TayariJones.com: âI know that itâs sort of out of style to say you love Alice Walker. Her later novels have not been as good, there is the public feud with her daughter, and The Color Purple in all itâs many incarnations has taken of a life of its own. Alice Walker has sort of fallen into the same category as Maya Angelouâwriters that the new generation likes to publicly mock even [though] we cut our teeth on [their] work. Itâs our Electra complex showing. Maybe this is how we prove that we are grown, having our own voice and agenda. But we canât deny that Alice Walker was a game changer who opened the doors for me and many other writers. You canât take that away from her, and why would anyone want to?â
Firstly, I write here with a lack of experience with making thinkers like Alice Walker âfashionableââsuch fashion shows most likely exist in academic circles from which I would remain separatedâŠ Additionally, every speaker that is allowed to spread their ideas throughout the world with mainstream mass media contributes to a pool of information that children use (correctly and incorrectly) for functional decision makingâthis is the main reason why I would âwant toâ âtake that awayâ from a human being with such a media personalityâeven a charming and seemingly inexhaustibly pleasant person like Alice Walker.
For âusâ to have an âElectra complexâ imposes upon âusâ a Greek model of consciousness. This is a style of thinking that often considers itself absolute in spite of the existence of theories of relativity. This is a style that sees itself embracing diversity and openness which implies that my developing style is âlimited,â ârigidâ and antagonistic without human reason or focus.
Ultimately, I am very pleased that Tayari Jones mentioned Toni Morrison while she celebrates Alice Walker. Ms. Jones praises Alice Walker for being âopenâ about her life which implies that there is something wrong with being the apparently closed way Toni Morrison sees. My ignorant, savage guess is that Toni Morrison understands that the concept of fame and its subsidiary, celebrity, are based on relatively recent inventions (like radio, television and the earth satellite). My ignorant, savage guess is that Toni Morrison places these relatively new things in a larger context, implying a functional knowledge of the ancient world that lowers the priority of celebrity for the sake of mental health. While Alice Walker is a âgameâ changer, I donât think Toni Morrison is playing the same âgameââand we often assume that they are in the same league without quoting vital stats.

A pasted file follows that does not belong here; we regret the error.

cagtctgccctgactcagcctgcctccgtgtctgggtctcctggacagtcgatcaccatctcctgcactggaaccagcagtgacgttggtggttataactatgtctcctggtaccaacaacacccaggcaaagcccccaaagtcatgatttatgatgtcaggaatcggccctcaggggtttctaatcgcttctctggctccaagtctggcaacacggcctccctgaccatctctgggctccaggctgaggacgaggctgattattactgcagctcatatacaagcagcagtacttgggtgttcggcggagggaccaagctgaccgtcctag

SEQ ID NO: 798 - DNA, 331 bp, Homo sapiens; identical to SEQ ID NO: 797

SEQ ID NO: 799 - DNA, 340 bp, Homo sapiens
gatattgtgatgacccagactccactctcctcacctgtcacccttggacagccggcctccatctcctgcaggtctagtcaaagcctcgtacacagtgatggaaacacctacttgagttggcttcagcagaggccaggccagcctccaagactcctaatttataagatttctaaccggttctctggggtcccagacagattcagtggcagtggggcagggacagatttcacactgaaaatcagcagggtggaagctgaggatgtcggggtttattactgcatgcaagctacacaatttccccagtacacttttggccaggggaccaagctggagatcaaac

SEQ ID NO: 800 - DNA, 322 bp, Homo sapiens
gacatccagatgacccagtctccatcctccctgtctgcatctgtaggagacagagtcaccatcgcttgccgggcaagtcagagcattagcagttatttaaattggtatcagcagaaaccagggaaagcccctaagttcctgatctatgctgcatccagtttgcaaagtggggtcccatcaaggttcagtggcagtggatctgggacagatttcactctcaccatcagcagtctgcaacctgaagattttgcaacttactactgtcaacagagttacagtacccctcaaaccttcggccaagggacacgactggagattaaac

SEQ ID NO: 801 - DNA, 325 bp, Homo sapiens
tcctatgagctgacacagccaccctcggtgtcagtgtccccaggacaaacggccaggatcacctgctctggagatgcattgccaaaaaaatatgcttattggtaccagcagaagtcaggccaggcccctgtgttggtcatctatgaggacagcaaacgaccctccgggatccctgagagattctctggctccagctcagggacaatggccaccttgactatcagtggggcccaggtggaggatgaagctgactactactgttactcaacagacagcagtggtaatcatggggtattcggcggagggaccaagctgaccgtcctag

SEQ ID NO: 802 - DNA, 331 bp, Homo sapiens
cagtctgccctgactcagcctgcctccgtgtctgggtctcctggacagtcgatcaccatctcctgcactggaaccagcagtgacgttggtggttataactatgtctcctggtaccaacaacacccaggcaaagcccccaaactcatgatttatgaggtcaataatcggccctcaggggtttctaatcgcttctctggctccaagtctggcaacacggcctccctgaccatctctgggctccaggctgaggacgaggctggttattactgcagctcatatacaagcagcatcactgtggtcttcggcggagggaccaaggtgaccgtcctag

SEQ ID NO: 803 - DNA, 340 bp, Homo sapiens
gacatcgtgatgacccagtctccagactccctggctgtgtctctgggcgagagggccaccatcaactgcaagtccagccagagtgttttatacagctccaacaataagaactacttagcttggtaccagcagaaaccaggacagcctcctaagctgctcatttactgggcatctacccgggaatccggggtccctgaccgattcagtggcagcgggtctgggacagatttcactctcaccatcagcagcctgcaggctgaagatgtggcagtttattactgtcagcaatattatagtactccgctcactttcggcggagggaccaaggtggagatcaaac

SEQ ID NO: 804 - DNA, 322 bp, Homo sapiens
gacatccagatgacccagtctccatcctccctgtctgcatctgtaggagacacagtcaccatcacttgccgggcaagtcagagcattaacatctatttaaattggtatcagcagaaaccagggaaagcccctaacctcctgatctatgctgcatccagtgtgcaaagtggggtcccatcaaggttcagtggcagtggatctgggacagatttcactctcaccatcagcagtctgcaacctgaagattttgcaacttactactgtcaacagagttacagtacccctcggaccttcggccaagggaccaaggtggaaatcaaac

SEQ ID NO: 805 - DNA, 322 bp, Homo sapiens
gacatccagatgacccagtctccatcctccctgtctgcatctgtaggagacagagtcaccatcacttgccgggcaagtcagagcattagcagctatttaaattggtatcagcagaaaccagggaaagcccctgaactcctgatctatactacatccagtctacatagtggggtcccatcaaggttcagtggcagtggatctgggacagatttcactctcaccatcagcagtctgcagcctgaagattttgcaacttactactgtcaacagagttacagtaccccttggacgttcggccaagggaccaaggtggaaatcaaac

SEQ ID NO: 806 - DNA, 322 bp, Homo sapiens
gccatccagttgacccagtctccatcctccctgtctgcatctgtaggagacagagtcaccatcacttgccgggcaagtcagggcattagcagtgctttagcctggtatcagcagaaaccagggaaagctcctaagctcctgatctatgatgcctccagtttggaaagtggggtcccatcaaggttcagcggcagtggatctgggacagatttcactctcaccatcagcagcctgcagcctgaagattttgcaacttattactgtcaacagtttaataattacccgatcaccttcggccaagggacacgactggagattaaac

âBrain Reads Word-by-wordâ
sciencenews.org: âThe data suggests that readers grasp real words as whole objects, rather than focusing on letters or letter combinations. And as a readerâs exposure to a word increases, the brain comes to recognize the shape of the word. Meaning is assigned after recognition in the brain, Riesenhuber says.â The implication here is that the modern brain still sees words as pictures even though occidental writing has never had pictographs. Those that want to level the accusation of âplayer haterâ better recognize: these words you are reading right now have a heritage that reveals a fundamental lack of understanding of how the brain works. So itâs very sad to encounter a âChinese-Americanâ poet or an âAfrican-Americanâ poet that is so completely satisfied with writing with these words. Simultaneously, it is important to understand why these words are they way they are. The ancient Romans were not stupid. The Roman imperial character set is designed to pass official messages throughout the empire (note the use of present tense here). Pictures are missing from this set because it is designed to be portable from conquered region to conquered region. These words you are making out of these letters are more for military intelligence/espionage weapons than quanta of beautiful poetry. Sure, kid, we can celebrate our ability to âredefineâ something like Roman imperial intentions but we can also work with tools that were designed from the beginning to be sacred and taxonomically coherent. To be so violently uninterested in these pre-imperial alternatives of perceiving the worldâeven when you are a colored descendant of such an incredible heritageâtells me yet again: the ancient Romans were not stupid.
âTeamâs re-creation of ancient Karnak brings history of pharaohs to lifeâ
Meg Sullivan: âAfter being crowned one of ancient Egyptâs rare female pharaohs, Queen Hatshepsut renovated a coronation hall lined with statuary depicting her father, her highly regarded predecessor, as a god. âŠâKarnak is one of the most dazzling sites in Egypt nowadays, but if you try to figure out what any one feature originally looked like, you get in trouble because you have all these elements from different periods standing next to each other, many of which were moved or altered over time,â said Favro, a professor of architectural history. âWe set out to give people a clear sense of the chronology of siteâs development.ââ Since Jay-Z will never fund Black 21st century research into this area, we have to take what we canâŠ but as we read articles like these, we need to continually be on guard with questions like: are we currently in possession of a universal concept of âgodâ or are we imposing ethnic words on another ethnic group that does not use those words? How do we know when we are observing âartâ and âreligionâ? And, in the specific case of ancient Egypt, anything that occurs after the collapse of the so called âOld Kingdomâ is considered an episode in a series of apocalyptic emergencies that eventually led to the fall of civilization and the rise of empire. It is this last sentence that would certainly guarantee my expulsion from any Indo-European funded egyptological study.